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Published January 28, 2021 | English (Second Language)

Innovative Practices in Second Language Pedagogy – A Subject-Specific Vté Lab

On January 12, 2021, the VTÉ presented a webinar designed for second language teachers. Three 20-minute presentations gave attendees some insight into the use of digital technology that gets results in the English Second Language class. Once again, the VTÉ’s subject-specific virtual laboratory fulfilled its objective to facilitate the transfer of knowledge and innovation between college-level teachers in a particular discipline.

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Presentations

Automated essay scoring for faster mastery, presented by Nicholas Walker

Award-winning ESL textbook author and ESL teacher at Ahuntsic College, Nicholas Walker is also the creator of the Virtual Writing Tutor (VWT). It is an ESL grammar checker with a variety of writing tools and an automated essay scoring platform.

Where to find a demonstration of how the VWT scores various essays, on the VWT website. (Source: screenshot by the author)

Nicholas bases his teaching and the design of the Virtual Writing Tutor on these principles that foster language acquisition:

  • More practice
  • More interaction
  • Peer teaching
  • Mastery model scoring (allowing students to drop the lowest scores in a category)
  • Flexible due dates
  • Timely feedback
  • Hard-working students

For faster mastery, Nicholas proposed the following teaching strategy:

  • Students teach each other in small groups
    • Vocabulary card game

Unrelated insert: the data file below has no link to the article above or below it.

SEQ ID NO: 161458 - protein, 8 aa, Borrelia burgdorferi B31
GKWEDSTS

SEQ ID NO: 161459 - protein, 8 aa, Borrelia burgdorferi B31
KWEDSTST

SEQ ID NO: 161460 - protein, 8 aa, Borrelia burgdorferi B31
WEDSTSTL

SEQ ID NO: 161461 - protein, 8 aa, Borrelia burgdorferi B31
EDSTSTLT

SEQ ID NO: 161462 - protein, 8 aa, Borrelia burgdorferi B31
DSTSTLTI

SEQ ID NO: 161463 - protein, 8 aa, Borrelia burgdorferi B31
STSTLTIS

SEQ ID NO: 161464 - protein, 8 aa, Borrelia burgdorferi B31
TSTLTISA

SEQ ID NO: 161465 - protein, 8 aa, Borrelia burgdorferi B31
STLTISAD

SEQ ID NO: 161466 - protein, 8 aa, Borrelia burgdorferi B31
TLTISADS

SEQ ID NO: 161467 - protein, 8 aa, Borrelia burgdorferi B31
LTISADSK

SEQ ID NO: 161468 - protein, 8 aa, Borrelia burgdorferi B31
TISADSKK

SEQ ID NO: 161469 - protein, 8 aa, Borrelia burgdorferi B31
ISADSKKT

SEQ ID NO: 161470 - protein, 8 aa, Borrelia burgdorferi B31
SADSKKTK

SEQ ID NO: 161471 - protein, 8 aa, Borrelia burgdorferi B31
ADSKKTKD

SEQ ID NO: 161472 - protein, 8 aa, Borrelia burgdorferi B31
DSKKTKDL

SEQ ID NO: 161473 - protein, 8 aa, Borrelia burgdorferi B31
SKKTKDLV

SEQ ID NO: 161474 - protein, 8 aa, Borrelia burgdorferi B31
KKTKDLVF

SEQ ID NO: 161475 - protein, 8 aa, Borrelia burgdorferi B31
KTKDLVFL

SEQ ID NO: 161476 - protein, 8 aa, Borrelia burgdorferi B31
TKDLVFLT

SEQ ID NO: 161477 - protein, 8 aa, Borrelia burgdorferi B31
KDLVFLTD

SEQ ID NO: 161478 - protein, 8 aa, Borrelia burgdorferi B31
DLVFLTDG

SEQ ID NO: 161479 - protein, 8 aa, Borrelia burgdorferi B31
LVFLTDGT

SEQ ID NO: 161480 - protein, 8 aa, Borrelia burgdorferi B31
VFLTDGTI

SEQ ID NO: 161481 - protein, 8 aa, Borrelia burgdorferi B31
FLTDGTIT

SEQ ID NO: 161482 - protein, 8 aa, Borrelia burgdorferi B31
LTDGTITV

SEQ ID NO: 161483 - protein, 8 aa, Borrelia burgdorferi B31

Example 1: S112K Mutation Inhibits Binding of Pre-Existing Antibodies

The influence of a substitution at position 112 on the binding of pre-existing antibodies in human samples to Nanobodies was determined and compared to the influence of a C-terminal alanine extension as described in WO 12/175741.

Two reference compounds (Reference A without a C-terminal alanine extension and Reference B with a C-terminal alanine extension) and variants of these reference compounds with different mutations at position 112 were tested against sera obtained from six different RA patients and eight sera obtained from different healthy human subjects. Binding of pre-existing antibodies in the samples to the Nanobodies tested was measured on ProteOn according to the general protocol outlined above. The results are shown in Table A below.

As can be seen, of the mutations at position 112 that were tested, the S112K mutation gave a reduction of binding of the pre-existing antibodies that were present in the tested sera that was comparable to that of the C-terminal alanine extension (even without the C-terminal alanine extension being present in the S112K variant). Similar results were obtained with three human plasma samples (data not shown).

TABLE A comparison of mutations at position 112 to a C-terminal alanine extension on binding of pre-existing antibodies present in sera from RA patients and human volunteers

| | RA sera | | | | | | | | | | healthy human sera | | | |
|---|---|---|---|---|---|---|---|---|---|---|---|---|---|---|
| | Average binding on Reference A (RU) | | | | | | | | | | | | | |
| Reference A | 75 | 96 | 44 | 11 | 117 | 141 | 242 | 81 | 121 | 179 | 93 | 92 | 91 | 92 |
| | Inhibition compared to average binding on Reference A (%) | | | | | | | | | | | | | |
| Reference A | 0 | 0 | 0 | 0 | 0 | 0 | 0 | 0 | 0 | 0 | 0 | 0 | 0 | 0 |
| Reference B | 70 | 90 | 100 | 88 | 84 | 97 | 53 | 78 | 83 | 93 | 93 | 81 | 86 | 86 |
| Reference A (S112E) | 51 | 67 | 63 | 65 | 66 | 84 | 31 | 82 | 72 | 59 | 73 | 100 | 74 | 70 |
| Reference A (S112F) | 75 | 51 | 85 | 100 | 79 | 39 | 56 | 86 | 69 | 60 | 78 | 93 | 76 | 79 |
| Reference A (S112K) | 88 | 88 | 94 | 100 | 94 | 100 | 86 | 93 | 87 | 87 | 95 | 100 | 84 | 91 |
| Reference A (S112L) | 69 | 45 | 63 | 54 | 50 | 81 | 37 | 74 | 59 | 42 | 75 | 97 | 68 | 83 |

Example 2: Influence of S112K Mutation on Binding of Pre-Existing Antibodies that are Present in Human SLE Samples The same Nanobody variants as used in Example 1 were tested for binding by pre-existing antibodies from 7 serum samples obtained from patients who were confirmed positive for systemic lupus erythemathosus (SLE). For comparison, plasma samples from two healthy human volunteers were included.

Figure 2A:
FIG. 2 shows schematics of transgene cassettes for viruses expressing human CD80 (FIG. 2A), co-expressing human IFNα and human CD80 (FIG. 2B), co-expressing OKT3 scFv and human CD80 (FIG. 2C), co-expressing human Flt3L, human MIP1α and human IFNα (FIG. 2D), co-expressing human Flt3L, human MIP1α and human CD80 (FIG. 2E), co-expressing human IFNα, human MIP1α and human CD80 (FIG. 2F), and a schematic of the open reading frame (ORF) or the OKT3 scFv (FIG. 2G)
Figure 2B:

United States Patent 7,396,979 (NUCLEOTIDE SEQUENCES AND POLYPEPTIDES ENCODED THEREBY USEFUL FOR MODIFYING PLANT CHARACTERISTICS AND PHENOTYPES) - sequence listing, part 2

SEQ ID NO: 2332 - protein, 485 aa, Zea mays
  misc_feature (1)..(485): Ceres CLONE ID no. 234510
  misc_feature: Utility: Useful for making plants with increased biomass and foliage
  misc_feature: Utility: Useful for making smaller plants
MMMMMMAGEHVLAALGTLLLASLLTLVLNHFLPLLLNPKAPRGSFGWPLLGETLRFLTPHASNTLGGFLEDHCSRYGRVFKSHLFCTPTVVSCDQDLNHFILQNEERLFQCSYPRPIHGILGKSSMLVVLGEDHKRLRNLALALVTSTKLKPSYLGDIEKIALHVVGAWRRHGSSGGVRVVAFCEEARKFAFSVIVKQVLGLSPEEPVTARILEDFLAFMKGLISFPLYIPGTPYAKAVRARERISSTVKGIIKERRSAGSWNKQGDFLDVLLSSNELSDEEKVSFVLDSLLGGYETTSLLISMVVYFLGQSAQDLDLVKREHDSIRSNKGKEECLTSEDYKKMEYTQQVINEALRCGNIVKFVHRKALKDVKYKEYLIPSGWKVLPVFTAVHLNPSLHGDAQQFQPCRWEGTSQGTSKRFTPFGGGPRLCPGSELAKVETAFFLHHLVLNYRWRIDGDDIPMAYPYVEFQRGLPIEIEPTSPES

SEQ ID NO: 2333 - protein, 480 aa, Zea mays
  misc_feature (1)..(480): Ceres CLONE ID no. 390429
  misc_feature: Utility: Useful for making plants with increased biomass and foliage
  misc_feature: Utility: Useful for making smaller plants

• Article to summarize and review
    • Group discussion
  • Students write 5 essays on 5 topics in 10 weeks
  • Instead of you trying to do all the corrections, students use automated essay scoring (Virtual Writing Tutor) and report their own scores.
  • Only the 3 best scores count
  • Due dates but no deadlines

Nicholas shared the slides of his presentation, Automated essay scoring for faster mastery, along with detailed instructions to learn how to use automated essay scoring:

  • To improve students writing skills by providing them with as much feedback as they need
  • To free you from the tedium of doing a large part of the correction feedback.

Designing authentic speaking activities for second language learning (SLL), presented by Anne-Marie Lafortune

Worldchat.live is a pedagogical platform designed to provide authentic speaking activities for second language learners. Worldchat.live is the brainchild of Anne-Marie Lafortune, who teaches English as a second language (ESL) at Cégep de la Gaspésie et des îles.

Worldchat connects second language teachers across the world (represented by the pins) to design speaking activities for their students. (Source: screenshot by the author)

ESL teachers often have to deal with a lack of motivation. Many CEGEP students go from a philosophy class where they were discussing complex concepts to their beginner's level English class where they are only able to explain or describe what their house looks like. Furthermore, they could be talking to a classmate who is their neighbor in real life. That's not a very authentic context and no wonder certain students feel discouraged with their lack of language skills.

Anne-Marie proposes having CEGEP students connect with students from different countries where English is not the first language. The students need to use their second language to communicate as they do not share the same first language. The context becomes authentic because then English becomes the common language.

This inspired instructional approach is supported by Worldchat.live’s useful features.

Worldchat.live allows students to:

  1. Speak in real-time with other students from around the world
  2. Use their second language in a real authentic environment (not speaking with someone who shares the same first language)